Tuesday, August 29, 2006

First Race of the Season: AJ Reports In

Hot off the email wires:

I think the good karma worked, the race went really really well. I came in second place overall! My time was 12:59, the course was pretty flat but there were a few really small hills. It felt good racing again but I forgot how much the two mile hurts. I'm pretty happy with my time, it's not far off of my track time and it was off road. My team did really well, we came in third place.

AJ

Woohooooo! Not bad for the first race--a two mile Fleet Feet/Nike special event--of her JUNIOR year. Who says endurance athletes, especially chicks, don't benefit from strength training??

This athlete has shown nothing but quiet determination since day one. When her practice was cancelled by storms on Saturday, AJ went out by herself and did two 2 mile race pace efforts, with the first one at 13:15, on a park course that featured two moderately large hills. How many high school juniors would take it upon themselves to make up that practice--on a Saturday evening????

And every week she keeps setting push up PRs. We even had a big ol' total body workout on Sunday. Just wait 'til she actually tapers, baby....



Saturday, August 26, 2006

For Bryan: Teaching the Squat w/ Tight Hammies


This comment was left on Vern Gambetta’s blog late this week:

----------------------------

Vern & Tracy,

great info on the squat...you two are really making me rethink many of the common methods that are taught. i have a question i was hoping you may have time to address: The athlete in Tracy's squat Mediabook appears to have great form, and doesn’t have the common "tuck" in his low back like many athletes do (as thy drop close to parallel, their lumbar spine flexes and leaves the neutral position.) I have read that lack of hamstring flexibility is the culprit, do you agree? do you have any recommendations for correcting besides just improving hamstring flexibility or squatting to work through it?

respectfully,

bryan

-------------------------------

Well Bryan, the short answer is yes, I think it is hamstrings. Might be pure flexibility; it might be some flexibility with some control issues. Correcting it may be challenging, but it is worth the effort in my mind. Initially you have to assess a variety of squats, see how the body (torso, spine, hips, ankles) responds and then go from there.

My new client, TJ, is a 6’1” 150 lb. male volleyball player. He has a long torso, no real history of structured lifting and mildly tight hamstrings as tested with the 90/90 test in supine. He has trouble doing the Waiter’s Bow (ground based hammy stretch)—a staple in my bag of tricks from Wash U PT & Shirley Sahrmann. I teach everyone this hamstring “position” rather than ANY supine work. You work hamstring mobility and learn the hip/spine relationship, in a weight-bearing posture.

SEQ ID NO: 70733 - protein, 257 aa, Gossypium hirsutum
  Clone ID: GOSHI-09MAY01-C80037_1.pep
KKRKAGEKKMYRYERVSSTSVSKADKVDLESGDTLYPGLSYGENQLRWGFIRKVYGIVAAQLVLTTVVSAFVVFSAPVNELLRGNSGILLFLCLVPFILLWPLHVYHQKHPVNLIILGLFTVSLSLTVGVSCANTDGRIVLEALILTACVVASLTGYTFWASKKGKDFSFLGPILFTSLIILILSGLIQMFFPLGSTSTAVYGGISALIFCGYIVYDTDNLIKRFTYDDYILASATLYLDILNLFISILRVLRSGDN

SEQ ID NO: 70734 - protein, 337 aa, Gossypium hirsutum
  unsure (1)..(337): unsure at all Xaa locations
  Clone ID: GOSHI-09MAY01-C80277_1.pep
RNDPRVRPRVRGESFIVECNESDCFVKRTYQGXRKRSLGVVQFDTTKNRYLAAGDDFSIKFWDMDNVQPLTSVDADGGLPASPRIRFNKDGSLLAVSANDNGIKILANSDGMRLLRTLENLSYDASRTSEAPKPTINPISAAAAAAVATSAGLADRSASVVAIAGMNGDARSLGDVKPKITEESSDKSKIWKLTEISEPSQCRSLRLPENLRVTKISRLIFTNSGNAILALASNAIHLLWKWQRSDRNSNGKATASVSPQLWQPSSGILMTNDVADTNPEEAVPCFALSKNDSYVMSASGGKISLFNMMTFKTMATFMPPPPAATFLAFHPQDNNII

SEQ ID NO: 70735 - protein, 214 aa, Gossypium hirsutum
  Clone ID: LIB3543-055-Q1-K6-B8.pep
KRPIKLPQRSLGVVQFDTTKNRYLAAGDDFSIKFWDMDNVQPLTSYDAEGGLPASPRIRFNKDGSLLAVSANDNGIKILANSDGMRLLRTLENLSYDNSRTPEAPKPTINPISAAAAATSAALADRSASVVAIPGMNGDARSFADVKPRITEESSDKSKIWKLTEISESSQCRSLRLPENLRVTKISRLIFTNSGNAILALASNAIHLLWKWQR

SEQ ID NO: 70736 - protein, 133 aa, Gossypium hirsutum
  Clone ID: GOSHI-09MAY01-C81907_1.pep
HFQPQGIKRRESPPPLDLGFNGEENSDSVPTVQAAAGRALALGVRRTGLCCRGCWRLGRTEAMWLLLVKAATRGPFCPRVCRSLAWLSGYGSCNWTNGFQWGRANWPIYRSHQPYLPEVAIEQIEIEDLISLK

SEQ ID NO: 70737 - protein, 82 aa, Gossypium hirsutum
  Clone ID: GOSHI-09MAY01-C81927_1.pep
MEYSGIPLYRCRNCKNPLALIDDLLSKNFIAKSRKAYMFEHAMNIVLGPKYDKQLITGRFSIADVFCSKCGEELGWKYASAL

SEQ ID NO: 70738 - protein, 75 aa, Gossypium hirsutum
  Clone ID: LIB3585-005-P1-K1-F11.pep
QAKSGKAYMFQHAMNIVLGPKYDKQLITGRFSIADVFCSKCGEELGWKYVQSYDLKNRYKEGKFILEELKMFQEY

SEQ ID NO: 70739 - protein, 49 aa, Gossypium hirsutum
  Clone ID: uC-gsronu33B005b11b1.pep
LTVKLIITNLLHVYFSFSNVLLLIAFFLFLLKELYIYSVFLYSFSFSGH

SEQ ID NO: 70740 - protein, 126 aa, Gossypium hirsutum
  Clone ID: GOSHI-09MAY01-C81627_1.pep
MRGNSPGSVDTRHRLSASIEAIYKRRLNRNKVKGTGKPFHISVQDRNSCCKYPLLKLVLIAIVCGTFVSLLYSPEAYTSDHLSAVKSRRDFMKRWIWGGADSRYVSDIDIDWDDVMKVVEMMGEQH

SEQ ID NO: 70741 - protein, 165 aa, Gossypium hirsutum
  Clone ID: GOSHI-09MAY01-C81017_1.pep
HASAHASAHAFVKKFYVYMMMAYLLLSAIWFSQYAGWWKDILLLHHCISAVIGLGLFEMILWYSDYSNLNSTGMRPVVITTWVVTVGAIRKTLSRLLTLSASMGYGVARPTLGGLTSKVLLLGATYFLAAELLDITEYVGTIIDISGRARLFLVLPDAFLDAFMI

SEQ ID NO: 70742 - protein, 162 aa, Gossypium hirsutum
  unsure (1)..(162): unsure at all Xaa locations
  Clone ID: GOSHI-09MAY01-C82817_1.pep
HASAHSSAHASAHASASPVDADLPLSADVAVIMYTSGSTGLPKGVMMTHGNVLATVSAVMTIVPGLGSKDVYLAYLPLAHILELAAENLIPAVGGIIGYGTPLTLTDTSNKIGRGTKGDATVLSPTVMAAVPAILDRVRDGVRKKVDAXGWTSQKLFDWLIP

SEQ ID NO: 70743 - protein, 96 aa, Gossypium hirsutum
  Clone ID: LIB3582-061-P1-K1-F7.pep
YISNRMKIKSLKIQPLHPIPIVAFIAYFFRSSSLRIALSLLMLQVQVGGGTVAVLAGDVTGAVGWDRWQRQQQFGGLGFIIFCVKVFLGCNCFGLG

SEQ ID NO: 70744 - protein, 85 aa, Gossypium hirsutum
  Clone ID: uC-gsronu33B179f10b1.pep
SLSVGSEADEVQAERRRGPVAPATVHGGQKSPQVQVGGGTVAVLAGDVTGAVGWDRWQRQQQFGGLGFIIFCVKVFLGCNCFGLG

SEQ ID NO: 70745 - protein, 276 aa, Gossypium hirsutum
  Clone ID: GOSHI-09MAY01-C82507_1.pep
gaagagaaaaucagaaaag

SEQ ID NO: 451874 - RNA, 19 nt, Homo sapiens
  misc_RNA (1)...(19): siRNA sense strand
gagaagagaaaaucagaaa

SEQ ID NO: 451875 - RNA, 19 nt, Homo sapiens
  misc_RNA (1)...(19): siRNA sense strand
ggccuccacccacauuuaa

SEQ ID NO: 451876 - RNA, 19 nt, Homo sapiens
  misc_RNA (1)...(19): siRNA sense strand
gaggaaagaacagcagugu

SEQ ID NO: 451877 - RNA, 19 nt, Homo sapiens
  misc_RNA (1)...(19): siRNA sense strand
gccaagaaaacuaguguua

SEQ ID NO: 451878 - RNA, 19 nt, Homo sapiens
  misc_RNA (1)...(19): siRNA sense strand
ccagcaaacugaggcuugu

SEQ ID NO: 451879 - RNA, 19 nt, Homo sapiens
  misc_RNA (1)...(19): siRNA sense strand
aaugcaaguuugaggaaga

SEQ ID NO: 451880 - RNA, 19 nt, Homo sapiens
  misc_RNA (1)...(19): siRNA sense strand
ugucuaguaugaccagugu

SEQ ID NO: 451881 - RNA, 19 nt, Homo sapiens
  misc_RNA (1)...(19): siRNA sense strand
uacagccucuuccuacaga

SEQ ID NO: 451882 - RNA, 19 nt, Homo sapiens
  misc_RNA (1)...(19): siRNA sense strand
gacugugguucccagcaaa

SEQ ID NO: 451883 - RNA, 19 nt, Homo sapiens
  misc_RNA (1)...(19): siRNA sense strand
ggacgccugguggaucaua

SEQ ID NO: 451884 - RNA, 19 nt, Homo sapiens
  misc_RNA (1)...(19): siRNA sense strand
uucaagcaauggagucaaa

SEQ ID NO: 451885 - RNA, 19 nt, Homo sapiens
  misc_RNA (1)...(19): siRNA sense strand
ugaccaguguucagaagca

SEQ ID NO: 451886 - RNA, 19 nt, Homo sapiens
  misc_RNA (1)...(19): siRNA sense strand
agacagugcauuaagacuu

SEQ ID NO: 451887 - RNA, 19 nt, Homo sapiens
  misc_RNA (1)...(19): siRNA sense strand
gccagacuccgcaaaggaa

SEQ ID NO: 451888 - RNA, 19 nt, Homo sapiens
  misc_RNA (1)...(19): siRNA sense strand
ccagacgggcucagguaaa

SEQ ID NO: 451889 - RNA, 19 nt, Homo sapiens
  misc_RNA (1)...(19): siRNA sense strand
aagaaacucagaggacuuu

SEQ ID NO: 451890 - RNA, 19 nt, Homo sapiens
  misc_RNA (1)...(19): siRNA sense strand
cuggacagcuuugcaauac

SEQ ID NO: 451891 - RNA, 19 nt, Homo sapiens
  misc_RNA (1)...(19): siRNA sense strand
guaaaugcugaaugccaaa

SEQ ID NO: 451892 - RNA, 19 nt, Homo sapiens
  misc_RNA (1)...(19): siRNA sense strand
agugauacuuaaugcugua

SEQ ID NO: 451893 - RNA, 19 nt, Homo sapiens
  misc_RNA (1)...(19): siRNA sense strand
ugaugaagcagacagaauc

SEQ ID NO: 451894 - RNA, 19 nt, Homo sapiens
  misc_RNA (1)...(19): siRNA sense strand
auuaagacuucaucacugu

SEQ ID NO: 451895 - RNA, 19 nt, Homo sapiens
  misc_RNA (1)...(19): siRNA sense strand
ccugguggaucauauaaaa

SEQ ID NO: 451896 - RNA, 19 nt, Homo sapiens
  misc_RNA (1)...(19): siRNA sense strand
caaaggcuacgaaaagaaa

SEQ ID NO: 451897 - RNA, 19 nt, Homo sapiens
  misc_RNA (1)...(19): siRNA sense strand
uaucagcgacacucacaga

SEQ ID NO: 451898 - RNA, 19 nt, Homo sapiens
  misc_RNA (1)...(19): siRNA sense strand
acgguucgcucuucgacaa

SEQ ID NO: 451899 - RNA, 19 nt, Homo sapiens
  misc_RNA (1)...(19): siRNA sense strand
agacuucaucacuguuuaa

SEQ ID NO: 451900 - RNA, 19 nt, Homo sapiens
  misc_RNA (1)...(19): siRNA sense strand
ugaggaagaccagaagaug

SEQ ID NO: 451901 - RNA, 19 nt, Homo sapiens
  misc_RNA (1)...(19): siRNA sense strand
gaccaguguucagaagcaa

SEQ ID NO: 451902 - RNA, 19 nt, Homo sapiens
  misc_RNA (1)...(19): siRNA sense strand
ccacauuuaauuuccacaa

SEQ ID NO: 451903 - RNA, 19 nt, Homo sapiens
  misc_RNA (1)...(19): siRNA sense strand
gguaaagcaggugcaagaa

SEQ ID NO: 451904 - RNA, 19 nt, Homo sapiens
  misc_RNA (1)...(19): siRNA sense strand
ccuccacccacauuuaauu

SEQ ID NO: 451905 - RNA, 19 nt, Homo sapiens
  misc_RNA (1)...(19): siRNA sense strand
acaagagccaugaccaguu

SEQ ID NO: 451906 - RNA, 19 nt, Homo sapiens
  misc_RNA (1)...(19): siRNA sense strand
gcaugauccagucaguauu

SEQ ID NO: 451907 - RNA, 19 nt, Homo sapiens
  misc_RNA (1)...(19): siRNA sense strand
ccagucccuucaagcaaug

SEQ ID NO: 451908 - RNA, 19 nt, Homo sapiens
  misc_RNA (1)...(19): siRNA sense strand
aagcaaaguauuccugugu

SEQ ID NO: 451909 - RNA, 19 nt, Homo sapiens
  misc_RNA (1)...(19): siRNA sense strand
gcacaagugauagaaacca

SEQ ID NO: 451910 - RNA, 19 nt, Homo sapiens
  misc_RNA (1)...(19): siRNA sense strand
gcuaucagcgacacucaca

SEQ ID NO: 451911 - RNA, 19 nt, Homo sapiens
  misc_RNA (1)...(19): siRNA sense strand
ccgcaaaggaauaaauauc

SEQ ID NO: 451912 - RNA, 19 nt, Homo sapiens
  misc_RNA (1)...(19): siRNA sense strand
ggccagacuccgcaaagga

TJ cannot do a full back squat without the “dippity-do” at the bottom; this is also true for his bodyweight squats. BUT, he can do a PERFECT rock bottom FRONT SQUAT; I’m talking pure neutral spine all the way. Because his torso is forced to stay more vertical, the hamstring limitation does not rear its ugly head. And, if we have him hold a 10 kg plate behind his head and do a squat, he can keep his neutral lumbar spine almost every rep. BUT, I have to cue him to THINK about what he’s doing (“be controlled all the way down”) and continually ask him how the front squat/plate squat feels compared to the others.

So, right now, I will use front squats for “work” and we’ll use all of these other squat movements in warm up, constantly working to build functional mobility in the hammies for back squats and bodyweight squats. We do several sets of 5 plates squats, 5 bodyweight squats, 5 front squats, 5 back squats—all are light--and I’m constantly making him give me verbal feedback on his proprioceptive awareness of his pelvis/spine position.

I’m certain some of this is torso strength/control too. In my experience, every person is a bit different and responds to different manual and verbal cues. Regardless of the approach, I do feel it is absolutely necessary to put your hands on the pelvis to help the athlete understand what it is like to lengthen the hammies with anterior rotation of the pelvis in the Waiter’s Bow and squat position. Maybe it is the PT in me, but I put my hands on people’s hips all the time—male and female. I’m not sure male coaches or ATCs or PTs feel as comfortable doing this, especially in the litigious school environment. And for coaches, I’m sure there is a “guy thing” there. But it really helps to have that manual cue and crank on the pelvis. Then the light bulb goes off.

To summarize, Bryan, we squat with it—not just through it. I don't load a compromised spine. We work to develop functional, ground-based hamstring mobility with a variety of techniques. I insist on feedback from the athlete during and after sets to make sure s /he is attending to the task as well; and I hammer home the importance of this position for powerful, efficient force transmission from the ground to the upper body, as well as for protection of the lumbar spine.

Friday, August 25, 2006

Sign of the Apocalypse

This week's sign the apocalypse is upon us, from the PTontheNet.com spam. (I am not a member, but for some reason, they send me this; I only read it to see the latest and greatest. The sarcasm should be oozing down your monitor at this time.)

Sex Between Training Sessions
By Chuck Wolf

Question: